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From J. D. Hooker   13–15 July 1858

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Sends proofs [of "On the tendency of species to form varieties … ", read 1 July 1858, Collected papers 2: 3–19]. CD could publish his abstract [later the Origin] as a separate supplemental number of [Journal of the Linnean Society].

JDH has studied in detail CD’s manuscript on variable species in large and small genera and concurs with its consequences. Discusses methodological idiosyncrasies of systematists, e.g., Bentham, Robert Brown, and C. C. Babington, which complicate CD’s tabulations.

Author:  Joseph Dalton Hooker
Addressee:  Charles Robert Darwin
Date:  [13 or 15] July 1858
Classmark:  DAR 100: 116–19, 168
Letter no:  DCP-LETT-2307

From J. D. Hooker   31 July 1858

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The CD–Wallace paper has gone to press.

JDH’s tabulation of variable species from Bentham was done in haste.

Author:  Joseph Dalton Hooker
Addressee:  Charles Robert Darwin
Date:  31 July 1858
Classmark:  DAR 100: 122
Letter no:  DCP-LETT-2316

From J. D. Hooker   12 November 1858

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Busy with introductory essay to [The botany of the Antarctic voyage, pt III] Flora Tasmaniae [printed separately as On the flora of Australia (1859)].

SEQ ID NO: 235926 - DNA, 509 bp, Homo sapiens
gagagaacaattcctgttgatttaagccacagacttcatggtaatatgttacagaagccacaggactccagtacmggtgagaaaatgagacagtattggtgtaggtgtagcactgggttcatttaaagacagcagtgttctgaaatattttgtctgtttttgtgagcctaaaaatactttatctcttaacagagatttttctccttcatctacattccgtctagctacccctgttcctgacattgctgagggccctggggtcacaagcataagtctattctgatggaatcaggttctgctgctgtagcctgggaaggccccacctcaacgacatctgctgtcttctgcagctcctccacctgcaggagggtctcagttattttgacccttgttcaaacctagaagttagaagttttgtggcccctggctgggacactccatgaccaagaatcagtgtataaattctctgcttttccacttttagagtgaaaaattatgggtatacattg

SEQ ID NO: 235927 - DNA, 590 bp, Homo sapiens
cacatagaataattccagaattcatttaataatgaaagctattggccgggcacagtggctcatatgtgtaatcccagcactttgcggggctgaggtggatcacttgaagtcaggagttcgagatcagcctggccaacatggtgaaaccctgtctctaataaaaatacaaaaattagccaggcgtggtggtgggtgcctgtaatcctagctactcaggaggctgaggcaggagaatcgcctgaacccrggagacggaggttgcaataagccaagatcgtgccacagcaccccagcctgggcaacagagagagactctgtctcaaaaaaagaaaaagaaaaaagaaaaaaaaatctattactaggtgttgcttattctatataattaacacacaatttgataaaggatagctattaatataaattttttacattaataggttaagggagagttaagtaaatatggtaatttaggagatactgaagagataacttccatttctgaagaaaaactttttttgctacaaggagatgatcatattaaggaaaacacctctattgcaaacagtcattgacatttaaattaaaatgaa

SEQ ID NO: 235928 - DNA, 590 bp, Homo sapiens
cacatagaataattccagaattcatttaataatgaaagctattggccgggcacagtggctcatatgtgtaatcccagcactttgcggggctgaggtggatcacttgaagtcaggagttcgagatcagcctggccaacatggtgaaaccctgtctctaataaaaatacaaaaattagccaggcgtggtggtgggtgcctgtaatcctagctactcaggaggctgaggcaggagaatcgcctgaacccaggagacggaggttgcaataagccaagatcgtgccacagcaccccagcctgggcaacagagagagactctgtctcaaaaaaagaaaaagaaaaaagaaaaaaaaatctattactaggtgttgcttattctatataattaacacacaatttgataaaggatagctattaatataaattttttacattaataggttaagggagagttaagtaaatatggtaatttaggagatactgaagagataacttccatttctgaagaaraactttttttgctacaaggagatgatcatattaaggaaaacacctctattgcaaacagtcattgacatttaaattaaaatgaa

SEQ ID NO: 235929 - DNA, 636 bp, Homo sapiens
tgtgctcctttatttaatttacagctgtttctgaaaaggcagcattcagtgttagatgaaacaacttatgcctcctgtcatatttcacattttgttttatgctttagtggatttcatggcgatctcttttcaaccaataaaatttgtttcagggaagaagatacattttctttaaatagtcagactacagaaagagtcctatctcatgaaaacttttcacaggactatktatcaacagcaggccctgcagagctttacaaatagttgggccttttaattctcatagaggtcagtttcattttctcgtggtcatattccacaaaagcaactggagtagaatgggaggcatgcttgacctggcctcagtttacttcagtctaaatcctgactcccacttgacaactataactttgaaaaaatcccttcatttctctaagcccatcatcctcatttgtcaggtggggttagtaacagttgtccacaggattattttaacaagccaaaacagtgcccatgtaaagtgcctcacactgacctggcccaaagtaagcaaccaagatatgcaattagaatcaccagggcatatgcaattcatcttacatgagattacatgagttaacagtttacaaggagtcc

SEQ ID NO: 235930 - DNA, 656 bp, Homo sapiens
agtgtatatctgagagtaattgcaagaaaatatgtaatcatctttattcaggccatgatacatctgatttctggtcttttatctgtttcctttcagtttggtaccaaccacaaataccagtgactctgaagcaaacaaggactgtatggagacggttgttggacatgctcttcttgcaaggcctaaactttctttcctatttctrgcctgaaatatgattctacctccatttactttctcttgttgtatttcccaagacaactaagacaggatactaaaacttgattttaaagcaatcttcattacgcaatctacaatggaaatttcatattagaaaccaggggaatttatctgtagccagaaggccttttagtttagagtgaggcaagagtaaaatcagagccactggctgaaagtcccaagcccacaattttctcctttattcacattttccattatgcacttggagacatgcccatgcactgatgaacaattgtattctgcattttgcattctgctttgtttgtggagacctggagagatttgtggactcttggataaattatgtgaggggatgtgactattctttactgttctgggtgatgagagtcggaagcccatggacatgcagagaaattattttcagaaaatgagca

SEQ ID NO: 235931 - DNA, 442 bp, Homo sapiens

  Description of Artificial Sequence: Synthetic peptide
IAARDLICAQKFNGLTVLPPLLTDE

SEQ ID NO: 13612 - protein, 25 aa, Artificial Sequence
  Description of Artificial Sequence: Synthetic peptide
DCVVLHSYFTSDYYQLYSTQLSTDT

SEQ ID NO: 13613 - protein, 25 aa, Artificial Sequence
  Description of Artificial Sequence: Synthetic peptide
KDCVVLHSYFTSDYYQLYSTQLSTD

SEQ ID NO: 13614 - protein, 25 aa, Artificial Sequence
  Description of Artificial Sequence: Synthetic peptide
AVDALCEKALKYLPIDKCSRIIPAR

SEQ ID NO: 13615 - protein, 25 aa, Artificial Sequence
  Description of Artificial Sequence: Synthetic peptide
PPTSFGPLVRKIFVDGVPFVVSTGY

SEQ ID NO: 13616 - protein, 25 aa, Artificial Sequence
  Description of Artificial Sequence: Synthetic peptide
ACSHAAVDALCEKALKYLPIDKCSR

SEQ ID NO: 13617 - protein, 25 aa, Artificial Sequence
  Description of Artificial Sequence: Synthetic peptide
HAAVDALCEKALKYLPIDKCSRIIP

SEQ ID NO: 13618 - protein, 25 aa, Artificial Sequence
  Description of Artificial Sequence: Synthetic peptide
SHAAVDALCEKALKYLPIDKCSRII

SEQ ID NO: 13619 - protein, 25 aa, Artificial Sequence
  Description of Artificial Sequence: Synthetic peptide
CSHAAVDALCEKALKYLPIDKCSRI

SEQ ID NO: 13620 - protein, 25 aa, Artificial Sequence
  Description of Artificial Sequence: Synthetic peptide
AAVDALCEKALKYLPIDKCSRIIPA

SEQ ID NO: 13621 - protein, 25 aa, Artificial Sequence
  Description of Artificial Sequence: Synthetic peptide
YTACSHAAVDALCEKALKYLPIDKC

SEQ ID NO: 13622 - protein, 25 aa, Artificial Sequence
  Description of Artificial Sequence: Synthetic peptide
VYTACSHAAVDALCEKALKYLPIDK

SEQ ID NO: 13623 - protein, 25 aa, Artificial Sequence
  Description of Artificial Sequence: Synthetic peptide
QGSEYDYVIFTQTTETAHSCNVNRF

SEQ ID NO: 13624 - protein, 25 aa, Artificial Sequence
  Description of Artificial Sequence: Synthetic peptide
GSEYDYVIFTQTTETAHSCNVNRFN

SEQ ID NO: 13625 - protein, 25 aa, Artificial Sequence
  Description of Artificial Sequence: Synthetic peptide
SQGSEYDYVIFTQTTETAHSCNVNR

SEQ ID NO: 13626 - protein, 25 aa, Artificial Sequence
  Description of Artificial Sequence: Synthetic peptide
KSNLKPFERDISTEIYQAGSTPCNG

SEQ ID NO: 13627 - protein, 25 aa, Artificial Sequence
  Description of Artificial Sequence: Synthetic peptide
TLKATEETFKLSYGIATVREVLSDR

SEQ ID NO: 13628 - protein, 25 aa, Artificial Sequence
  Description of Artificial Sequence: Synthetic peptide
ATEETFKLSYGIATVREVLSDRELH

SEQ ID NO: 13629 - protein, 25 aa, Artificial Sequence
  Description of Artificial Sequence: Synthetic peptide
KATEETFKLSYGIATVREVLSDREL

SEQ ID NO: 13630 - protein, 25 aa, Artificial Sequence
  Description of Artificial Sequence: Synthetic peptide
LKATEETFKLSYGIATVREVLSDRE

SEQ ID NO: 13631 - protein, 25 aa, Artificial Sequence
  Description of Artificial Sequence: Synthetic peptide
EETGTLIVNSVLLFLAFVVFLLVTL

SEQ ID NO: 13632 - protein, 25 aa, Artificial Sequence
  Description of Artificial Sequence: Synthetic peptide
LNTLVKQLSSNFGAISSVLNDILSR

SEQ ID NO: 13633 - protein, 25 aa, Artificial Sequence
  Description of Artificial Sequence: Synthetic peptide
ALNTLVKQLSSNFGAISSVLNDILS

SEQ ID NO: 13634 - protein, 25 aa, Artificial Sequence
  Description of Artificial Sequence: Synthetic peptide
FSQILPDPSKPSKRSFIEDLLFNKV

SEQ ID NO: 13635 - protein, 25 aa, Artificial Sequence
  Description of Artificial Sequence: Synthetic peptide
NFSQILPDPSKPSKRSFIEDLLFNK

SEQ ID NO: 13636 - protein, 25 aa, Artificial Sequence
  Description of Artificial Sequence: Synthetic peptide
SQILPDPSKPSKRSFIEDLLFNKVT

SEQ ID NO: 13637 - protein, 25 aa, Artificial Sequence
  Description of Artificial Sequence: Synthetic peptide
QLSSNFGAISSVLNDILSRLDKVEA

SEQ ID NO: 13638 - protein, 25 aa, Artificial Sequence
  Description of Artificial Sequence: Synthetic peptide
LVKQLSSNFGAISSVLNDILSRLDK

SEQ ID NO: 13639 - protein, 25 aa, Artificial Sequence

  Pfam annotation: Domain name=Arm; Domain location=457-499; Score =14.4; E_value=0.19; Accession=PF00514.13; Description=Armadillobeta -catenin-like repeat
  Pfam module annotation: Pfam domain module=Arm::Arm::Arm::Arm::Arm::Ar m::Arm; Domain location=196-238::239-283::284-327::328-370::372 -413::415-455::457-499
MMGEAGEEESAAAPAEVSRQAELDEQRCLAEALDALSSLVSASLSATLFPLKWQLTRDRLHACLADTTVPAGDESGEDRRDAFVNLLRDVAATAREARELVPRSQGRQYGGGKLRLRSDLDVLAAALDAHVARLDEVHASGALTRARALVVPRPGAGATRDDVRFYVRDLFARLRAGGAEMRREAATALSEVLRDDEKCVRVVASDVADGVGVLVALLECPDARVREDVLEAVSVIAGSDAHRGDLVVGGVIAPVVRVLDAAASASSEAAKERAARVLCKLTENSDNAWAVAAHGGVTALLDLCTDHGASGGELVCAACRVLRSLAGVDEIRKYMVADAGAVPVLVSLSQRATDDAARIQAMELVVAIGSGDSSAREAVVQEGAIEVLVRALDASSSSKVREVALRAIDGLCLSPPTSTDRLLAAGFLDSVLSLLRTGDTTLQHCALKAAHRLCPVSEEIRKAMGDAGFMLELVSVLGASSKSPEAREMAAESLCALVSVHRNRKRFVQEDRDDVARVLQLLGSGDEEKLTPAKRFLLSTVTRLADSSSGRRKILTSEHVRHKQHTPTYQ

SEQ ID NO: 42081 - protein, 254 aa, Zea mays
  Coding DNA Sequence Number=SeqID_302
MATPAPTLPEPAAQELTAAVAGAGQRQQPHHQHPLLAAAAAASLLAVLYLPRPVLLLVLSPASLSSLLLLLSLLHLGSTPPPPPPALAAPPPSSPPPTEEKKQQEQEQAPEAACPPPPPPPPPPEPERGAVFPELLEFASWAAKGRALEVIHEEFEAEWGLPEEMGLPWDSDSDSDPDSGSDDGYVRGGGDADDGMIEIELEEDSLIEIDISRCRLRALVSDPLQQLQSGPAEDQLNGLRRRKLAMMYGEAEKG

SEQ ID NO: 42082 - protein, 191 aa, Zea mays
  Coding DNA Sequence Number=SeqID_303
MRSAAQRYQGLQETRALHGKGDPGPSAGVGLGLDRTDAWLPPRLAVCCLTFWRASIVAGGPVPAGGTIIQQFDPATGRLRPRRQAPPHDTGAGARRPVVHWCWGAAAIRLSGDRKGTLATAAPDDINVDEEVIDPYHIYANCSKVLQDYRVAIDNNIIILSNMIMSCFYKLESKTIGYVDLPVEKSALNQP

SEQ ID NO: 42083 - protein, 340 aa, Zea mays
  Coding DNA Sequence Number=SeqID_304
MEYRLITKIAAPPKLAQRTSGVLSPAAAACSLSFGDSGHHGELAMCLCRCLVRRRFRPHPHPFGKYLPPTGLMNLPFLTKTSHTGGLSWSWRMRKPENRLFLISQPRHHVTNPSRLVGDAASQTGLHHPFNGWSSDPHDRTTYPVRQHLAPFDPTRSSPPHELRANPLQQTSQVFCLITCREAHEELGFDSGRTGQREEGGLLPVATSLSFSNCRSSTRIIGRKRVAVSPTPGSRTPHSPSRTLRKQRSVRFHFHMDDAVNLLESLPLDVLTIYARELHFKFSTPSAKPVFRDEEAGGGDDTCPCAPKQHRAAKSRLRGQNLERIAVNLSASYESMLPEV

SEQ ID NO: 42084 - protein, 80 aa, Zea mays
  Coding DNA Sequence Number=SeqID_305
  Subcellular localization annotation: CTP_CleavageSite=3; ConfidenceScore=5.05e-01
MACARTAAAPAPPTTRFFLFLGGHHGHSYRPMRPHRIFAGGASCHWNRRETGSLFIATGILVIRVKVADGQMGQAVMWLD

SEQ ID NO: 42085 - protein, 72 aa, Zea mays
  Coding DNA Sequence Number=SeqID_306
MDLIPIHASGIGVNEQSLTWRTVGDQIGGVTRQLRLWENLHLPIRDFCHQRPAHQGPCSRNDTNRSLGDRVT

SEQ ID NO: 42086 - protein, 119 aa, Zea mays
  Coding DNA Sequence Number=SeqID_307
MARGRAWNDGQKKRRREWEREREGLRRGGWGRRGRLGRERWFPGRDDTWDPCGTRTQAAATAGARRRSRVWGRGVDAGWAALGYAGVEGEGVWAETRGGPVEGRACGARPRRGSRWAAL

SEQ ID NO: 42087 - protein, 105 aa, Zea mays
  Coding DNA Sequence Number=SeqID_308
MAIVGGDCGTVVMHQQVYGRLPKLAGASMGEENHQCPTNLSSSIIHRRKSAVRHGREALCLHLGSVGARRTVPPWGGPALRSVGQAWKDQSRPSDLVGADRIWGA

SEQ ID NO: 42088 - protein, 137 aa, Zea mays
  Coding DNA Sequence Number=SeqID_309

Now explains greater abundance of European species in Tasmania than in Fuegia by CD’s "refrigeration" hypothesis.

Author:  Joseph Dalton Hooker
Addressee:  Charles Robert Darwin
Date:  12 Nov 1858
Classmark:  DAR 100: 123–4
Letter no:  DCP-LETT-2358

From J. D. Hooker   [20 November 1858]

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At work on the introductory essay to Flora Tasmaniae.

Discusses the effects of climate and geography on "vegetable strife".

Author:  Joseph Dalton Hooker
Addressee:  Charles Robert Darwin
Date:  [20 Nov 1858]
Classmark:  DAR 50: E1–2
Letter no:  DCP-LETT-2367

From J. D. Hooker   22 December 1858

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Would appreciate loan of CD’s chapter on transmigration across tropics, which may help with the difficulties of Australian distribution.

Still regards plant types as older than animal types.

The Cape of Good Hope and Australian temperate floras cannot be connected by the highlands of Abyssinia.

Author:  Joseph Dalton Hooker
Addressee:  Charles Robert Darwin
Date:  22 Dec 1858
Classmark:  DAR 100: 128–30
Letter no:  DCP-LETT-2382

From J. D. Hooker   [26 December 1858]

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JDH cannot abide CD’s connection of wide-ranging species and "highness". Australian flora contradicts this in many ways.

Author:  Joseph Dalton Hooker
Addressee:  Charles Robert Darwin
Date:  [26 Dec 1858]
Classmark:  DAR 100: 125–6
Letter no:  DCP-LETT-2385

From J. D. Hooker   25 January 1859

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Relieved by Wallace’s letter.

At work on introductory essay to Flora Tasmaniae.

European plants naturalised in Australia are almost all adapted to invading disturbed ground.

JDH supports Asa Gray against Alphonse de Candolle as foreign member of Royal Society.

Author:  Joseph Dalton Hooker
Addressee:  Charles Robert Darwin
Date:  25 Jan 1859